When travel stopped last year, luxury travel advisors learned a lot about the people they work with on a frequent basis. Many suppliers became more than partners, they evolved into virtual soulmates with advisors as both sides struggled to get clients home, get them refunds or reschedule future vacations. Those suppliers outshone those who disappeared or didn’t see the importance of communicating with those very advisors who had brought them some very large and profitable bookings.

It’s so true, though, on the client side as well, isn’t it? Travel advisors got to know their customers even more, and in some cases, way too much. Consumers were clearly frustrated and baffled as their trips were cancelled, but how did they treat their travel advisor who had to deliver the bad news, in many cases?

It’s time to take a step back and reassess as we enter the second half of 2021, which is shaping up to be that comeback year we earnestly prayed for months ago.

Ruthanne Terrero
Ruthanne Terrero

We checked in with travel advisors attending our Ultra Luxury Summit in San Antonio later this month, to get their take on how they’ve edited their client rosters of late.

“I learned to focus on my ideal client and not sweat the tire kickers or those who are unwilling to pay a fee for my services. Time is money and life is too short to waste energy on clients who aren’t the right fit for my business,” said one.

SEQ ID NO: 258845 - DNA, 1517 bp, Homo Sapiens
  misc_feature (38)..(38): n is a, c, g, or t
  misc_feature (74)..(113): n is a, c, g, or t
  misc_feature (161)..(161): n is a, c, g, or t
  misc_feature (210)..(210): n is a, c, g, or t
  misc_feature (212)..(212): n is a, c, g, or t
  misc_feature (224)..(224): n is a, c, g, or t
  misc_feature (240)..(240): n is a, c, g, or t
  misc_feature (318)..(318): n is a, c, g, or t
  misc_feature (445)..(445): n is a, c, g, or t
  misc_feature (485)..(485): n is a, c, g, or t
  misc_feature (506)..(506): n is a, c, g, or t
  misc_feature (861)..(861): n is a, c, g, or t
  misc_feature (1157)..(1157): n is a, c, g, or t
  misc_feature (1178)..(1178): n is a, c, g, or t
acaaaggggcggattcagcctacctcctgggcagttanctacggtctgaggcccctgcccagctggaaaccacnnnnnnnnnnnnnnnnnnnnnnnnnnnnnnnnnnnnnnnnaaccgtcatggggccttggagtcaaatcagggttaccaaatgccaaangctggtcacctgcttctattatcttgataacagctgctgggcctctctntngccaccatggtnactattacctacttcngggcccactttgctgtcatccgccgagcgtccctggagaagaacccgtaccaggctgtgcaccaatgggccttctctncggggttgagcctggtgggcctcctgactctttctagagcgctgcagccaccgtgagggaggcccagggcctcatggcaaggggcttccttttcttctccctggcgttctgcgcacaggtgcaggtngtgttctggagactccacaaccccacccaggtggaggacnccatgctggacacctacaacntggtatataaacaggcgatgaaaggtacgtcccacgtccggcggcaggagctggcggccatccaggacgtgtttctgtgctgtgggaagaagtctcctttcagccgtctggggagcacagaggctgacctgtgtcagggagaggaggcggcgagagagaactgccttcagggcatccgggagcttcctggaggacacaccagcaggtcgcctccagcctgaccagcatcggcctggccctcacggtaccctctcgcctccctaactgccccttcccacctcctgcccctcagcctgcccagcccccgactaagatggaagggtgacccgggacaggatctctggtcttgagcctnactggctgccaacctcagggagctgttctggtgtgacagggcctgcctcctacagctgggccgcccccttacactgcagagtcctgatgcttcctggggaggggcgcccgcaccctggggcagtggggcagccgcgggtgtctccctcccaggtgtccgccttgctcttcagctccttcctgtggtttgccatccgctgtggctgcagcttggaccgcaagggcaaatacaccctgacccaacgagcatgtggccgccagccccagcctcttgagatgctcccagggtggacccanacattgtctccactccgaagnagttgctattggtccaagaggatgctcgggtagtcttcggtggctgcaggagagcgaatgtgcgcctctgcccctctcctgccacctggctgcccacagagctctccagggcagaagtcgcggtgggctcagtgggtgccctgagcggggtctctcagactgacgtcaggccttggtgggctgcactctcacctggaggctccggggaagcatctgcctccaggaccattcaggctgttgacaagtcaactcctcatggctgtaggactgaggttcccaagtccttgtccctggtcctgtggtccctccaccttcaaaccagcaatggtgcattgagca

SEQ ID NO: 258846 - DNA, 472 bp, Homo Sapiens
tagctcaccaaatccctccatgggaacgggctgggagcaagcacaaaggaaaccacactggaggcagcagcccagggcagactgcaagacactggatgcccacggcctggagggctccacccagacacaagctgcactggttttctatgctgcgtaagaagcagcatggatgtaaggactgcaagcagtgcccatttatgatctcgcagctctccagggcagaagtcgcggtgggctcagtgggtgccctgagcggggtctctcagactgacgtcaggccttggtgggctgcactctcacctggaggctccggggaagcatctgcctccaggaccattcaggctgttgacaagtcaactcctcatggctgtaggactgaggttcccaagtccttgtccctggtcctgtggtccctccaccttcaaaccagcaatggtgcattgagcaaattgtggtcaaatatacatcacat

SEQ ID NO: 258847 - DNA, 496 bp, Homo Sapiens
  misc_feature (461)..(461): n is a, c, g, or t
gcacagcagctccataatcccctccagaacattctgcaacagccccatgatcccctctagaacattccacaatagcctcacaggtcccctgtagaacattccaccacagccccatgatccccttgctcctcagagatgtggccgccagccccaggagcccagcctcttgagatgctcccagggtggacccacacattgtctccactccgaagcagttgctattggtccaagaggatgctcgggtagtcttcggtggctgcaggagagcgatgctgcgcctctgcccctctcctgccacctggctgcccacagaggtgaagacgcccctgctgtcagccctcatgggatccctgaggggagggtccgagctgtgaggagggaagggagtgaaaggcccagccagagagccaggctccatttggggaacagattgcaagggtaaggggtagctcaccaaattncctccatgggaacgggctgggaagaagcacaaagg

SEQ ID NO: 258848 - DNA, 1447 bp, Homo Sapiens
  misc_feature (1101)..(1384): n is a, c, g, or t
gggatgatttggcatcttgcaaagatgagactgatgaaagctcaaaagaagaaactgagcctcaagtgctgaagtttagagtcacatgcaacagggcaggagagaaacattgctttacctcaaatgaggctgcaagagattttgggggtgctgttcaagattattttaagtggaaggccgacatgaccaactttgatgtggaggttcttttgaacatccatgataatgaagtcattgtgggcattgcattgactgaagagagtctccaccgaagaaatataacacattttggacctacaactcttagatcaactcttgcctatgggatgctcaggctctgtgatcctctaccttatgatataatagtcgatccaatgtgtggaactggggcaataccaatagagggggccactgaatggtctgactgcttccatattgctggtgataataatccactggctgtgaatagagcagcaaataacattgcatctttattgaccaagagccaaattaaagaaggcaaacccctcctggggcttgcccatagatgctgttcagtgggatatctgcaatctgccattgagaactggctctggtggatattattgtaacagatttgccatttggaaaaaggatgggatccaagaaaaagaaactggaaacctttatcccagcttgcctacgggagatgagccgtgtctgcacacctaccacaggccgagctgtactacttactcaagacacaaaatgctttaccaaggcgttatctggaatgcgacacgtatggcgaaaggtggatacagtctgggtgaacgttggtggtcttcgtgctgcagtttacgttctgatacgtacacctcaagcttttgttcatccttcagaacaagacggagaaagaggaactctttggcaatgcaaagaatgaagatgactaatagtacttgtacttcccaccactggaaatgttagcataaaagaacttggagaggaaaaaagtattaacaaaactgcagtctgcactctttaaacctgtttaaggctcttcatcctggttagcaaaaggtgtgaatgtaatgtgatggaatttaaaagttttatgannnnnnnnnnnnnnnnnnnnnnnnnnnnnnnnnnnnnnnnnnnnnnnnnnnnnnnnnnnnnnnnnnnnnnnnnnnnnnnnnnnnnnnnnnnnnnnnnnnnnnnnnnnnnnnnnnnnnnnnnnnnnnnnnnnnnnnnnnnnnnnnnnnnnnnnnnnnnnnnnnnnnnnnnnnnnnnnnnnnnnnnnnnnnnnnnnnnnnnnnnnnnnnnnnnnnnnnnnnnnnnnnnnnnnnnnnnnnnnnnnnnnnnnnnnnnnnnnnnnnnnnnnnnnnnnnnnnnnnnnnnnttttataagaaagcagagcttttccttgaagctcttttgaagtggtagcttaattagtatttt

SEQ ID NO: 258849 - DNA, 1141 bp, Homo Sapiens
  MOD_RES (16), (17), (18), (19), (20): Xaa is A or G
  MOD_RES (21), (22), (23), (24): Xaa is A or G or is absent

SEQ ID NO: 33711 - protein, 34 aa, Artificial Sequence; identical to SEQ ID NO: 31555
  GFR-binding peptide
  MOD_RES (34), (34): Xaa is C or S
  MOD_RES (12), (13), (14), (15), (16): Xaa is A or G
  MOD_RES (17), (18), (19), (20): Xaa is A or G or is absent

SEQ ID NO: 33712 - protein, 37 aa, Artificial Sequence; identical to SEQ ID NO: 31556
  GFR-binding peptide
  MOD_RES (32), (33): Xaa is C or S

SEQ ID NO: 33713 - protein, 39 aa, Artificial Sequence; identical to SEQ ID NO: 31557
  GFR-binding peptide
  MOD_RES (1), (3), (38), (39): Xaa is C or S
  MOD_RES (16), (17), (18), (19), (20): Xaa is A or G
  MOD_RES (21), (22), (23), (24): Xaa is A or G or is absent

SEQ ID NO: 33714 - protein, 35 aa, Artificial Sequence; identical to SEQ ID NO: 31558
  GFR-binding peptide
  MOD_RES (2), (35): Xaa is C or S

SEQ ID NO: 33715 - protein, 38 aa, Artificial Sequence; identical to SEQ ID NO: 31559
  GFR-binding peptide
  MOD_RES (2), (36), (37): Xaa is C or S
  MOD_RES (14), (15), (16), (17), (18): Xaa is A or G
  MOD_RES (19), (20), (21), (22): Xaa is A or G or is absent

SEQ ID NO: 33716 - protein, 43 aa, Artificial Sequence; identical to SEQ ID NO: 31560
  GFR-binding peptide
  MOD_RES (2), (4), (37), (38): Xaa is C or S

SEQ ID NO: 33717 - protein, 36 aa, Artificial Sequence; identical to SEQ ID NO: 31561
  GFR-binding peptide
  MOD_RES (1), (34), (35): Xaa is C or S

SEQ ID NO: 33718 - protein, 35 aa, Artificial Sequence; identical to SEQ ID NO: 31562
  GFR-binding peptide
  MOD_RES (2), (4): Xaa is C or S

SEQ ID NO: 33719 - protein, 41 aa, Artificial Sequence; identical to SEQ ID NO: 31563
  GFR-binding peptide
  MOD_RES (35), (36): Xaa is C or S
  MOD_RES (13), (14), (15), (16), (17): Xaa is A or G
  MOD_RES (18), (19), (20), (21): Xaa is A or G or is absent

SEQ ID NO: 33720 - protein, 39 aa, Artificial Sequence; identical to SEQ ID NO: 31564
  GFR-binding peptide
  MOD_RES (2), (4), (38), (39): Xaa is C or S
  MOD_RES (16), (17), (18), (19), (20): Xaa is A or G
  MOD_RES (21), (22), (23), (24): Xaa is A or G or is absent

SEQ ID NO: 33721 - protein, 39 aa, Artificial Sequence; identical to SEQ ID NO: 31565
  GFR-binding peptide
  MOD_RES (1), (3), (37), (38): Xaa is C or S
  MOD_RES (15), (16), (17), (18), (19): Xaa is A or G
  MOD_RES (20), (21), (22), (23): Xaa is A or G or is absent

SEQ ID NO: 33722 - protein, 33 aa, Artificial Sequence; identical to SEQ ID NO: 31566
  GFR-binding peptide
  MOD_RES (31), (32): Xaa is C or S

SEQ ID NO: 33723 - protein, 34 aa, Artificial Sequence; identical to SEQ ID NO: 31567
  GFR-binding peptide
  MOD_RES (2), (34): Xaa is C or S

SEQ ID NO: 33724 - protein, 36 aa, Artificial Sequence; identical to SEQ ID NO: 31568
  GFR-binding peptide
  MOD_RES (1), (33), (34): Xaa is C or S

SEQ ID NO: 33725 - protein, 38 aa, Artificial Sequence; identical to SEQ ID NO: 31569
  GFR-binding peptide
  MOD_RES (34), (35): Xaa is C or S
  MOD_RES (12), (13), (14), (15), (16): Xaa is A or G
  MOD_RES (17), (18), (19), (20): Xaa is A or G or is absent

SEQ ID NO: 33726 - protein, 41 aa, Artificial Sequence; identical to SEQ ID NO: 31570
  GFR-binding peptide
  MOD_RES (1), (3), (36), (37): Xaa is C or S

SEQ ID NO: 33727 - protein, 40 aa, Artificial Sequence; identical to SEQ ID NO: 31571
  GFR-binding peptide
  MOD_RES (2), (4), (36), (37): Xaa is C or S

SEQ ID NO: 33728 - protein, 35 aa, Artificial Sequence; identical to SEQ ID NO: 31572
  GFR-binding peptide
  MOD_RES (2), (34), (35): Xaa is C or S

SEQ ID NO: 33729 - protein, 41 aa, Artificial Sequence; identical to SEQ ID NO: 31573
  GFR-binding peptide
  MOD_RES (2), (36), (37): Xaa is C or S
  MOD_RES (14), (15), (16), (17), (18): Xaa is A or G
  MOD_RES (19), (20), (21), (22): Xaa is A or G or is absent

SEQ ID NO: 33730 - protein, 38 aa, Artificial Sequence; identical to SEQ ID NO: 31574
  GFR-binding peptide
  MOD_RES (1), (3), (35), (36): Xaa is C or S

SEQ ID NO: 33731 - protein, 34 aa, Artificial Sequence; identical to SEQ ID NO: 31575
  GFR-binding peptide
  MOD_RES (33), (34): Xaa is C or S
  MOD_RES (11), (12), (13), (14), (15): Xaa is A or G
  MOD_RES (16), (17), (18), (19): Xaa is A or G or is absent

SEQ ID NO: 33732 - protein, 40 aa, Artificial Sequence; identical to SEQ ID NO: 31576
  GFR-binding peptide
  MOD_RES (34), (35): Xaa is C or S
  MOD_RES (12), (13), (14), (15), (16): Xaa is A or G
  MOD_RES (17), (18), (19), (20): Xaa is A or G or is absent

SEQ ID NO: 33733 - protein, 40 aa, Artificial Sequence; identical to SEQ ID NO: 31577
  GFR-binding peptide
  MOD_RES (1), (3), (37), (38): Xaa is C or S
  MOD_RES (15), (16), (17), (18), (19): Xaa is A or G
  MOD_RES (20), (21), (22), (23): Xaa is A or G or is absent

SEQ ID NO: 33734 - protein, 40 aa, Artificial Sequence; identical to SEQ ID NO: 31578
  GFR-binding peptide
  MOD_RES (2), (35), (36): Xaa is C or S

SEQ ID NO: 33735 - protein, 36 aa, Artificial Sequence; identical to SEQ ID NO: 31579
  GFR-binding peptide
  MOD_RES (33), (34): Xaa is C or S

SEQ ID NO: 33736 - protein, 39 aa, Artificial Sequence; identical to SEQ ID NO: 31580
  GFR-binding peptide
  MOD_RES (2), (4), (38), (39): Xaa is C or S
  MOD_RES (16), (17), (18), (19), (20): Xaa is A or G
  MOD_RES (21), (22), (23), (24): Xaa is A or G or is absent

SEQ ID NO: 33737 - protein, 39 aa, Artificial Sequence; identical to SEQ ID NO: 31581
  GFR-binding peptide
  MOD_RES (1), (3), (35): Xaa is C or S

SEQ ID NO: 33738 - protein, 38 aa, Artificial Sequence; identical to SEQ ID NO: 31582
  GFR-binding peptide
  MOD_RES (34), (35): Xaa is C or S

What a healthy perspective. Many of you oddly enough earned a certain quality of life during the pandemic, if only because of the newly found time you had on your hands because of the travel stoppage. How can you retain that balanced feeling going forward, instead of rushing right back into the rat race? Here’s one answer. “Not all clients are equal,” said another Ultra advisor. “I have started to limit which clients I will take on.”

“You want to do business with people who share your values and ethos. The pandemic brought out the worst in people and the best in people,” said another advisor, who added that communication, authenticity and vulnerability are key to maintaining and strengthening relationships. 

That word, “vulnerability,” strikes a chord with me. We were all vulnerable these many, many months, some for devastating reasons and others simply because what was normal seemed forever gone on certain days. I was truly struck during my interviews with Alexis Romer, VP of sales for the Luxury Travel Industry at Marriott International Luxury Brands; Tristan Dowell, global VP for Luxury, Lifestyle & Leisure for Hyatt Hotels Corporation and Leslie Dodson, senior director global luxury sales, North America for Accor.  

They all spoke of the emotional (Zoom) times they spent with advisors during the pandemic and how those interactions meant so much to them personally because the entire world was in such dire straits. These are bonds that will certainly be stronger than ever as we proceed into our new era of luxury travel. In many ways, I’m not surprised the relationships between suppliers and advisors are stronger, because that’s always been the strength of the travel industry, particularly on the luxury side. Everyone always helps each other, even if they are competitors.

So, look at you as you move ahead! It’s turning out just as we hoped and the future is bright with strengthened friendships and profitable bottom lines clearly in the forecast. Well done, all!

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